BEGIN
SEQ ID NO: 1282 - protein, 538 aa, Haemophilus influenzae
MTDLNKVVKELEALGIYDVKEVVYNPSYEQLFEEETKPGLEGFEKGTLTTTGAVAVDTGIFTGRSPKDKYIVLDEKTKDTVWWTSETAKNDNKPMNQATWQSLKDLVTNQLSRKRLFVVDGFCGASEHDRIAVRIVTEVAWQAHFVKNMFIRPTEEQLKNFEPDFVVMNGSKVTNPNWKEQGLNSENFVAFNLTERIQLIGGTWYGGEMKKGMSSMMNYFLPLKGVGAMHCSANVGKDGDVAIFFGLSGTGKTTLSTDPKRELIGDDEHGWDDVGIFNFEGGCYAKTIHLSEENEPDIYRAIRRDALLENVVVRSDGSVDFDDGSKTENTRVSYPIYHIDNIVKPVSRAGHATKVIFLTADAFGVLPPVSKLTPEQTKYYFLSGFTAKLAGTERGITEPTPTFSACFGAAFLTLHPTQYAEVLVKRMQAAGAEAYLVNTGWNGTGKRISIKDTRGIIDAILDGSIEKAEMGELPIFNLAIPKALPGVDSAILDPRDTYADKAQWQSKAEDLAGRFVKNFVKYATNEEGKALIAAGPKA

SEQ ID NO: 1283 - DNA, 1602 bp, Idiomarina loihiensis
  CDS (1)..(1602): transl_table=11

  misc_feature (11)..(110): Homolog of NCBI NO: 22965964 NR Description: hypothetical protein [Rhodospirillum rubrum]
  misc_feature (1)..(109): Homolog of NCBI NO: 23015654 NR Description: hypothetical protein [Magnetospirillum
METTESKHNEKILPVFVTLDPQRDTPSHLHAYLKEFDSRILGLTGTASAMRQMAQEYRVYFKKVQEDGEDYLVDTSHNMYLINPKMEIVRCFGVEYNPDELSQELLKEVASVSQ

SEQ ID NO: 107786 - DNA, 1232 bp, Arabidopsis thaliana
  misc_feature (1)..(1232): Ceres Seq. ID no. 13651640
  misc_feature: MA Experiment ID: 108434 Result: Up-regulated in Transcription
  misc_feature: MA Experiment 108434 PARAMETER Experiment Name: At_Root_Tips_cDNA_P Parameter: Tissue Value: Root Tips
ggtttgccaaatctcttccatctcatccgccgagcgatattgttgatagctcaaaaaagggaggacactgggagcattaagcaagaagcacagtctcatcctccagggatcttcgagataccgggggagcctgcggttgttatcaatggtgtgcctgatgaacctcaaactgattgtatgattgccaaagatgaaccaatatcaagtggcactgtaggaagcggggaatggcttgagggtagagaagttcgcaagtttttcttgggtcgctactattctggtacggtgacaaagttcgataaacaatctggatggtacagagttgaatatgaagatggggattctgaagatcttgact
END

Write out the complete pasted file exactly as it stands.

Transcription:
SEQ ID NO: 1282 - protein, 538 aa, Haemophilus influenzae
MTDLNKVVKELEALGIYDVKEVVYNPSYEQLFEEETKPGLEGFEKGTLTTTGAVAVDTGIFTGRSPKDKYIVLDEKTKDTVWWTSETAKNDNKPMNQATWQSLKDLVTNQLSRKRLFVVDGFCGASEHDRIAVRIVTEVAWQAHFVKNMFIRPTEEQLKNFEPDFVVMNGSKVTNPNWKEQGLNSENFVAFNLTERIQLIGGTWYGGEMKKGMSSMMNYFLPLKGVGAMHCSANVGKDGDVAIFFGLSGTGKTTLSTDPKRELIGDDEHGWDDVGIFNFEGGCYAKTIHLSEENEPDIYRAIRRDALLENVVVRSDGSVDFDDGSKTENTRVSYPIYHIDNIVKPVSRAGHATKVIFLTADAFGVLPPVSKLTPEQTKYYFLSGFTAKLAGTERGITEPTPTFSACFGAAFLTLHPTQYAEVLVKRMQAAGAEAYLVNTGWNGTGKRISIKDTRGIIDAILDGSIEKAEMGELPIFNLAIPKALPGVDSAILDPRDTYADKAQWQSKAEDLAGRFVKNFVKYATNEEGKALIAAGPKA

SEQ ID NO: 1283 - DNA, 1602 bp, Idiomarina loihiensis
  CDS (1)..(1602): transl_table=11

  misc_feature (11)..(110): Homolog of NCBI NO: 22965964 NR Description: hypothetical protein [Rhodospirillum rubrum]
  misc_feature (1)..(109): Homolog of NCBI NO: 23015654 NR Description: hypothetical protein [Magnetospirillum
METTESKHNEKILPVFVTLDPQRDTPSHLHAYLKEFDSRILGLTGTASAMRQMAQEYRVYFKKVQEDGEDYLVDTSHNMYLINPKMEIVRCFGVEYNPDELSQELLKEVASVSQ

SEQ ID NO: 107786 - DNA, 1232 bp, Arabidopsis thaliana
  misc_feature (1)..(1232): Ceres Seq. ID no. 13651640
  misc_feature: MA Experiment ID: 108434 Result: Up-regulated in Transcription
  misc_feature: MA Experiment 108434 PARAMETER Experiment Name: At_Root_Tips_cDNA_P Parameter: Tissue Value: Root Tips
ggtttgccaaatctcttccatctcatccgccgagcgatattgttgatagctcaaaaaagggaggacactgggagcattaagcaagaagcacagtctcatcctccagggatcttcgagataccgggggagcctgcggttgttatcaatggtgtgcctgatgaacctcaaactgattgtatgattgccaaagatgaaccaatatcaagtggcactgtaggaagcggggaatggcttgagggtagagaagttcgcaagtttttcttgggtcgctactattctggtacggtgacaaagttcgataaacaatctggatggtacagagttgaatatgaagatggggattctgaagatcttgact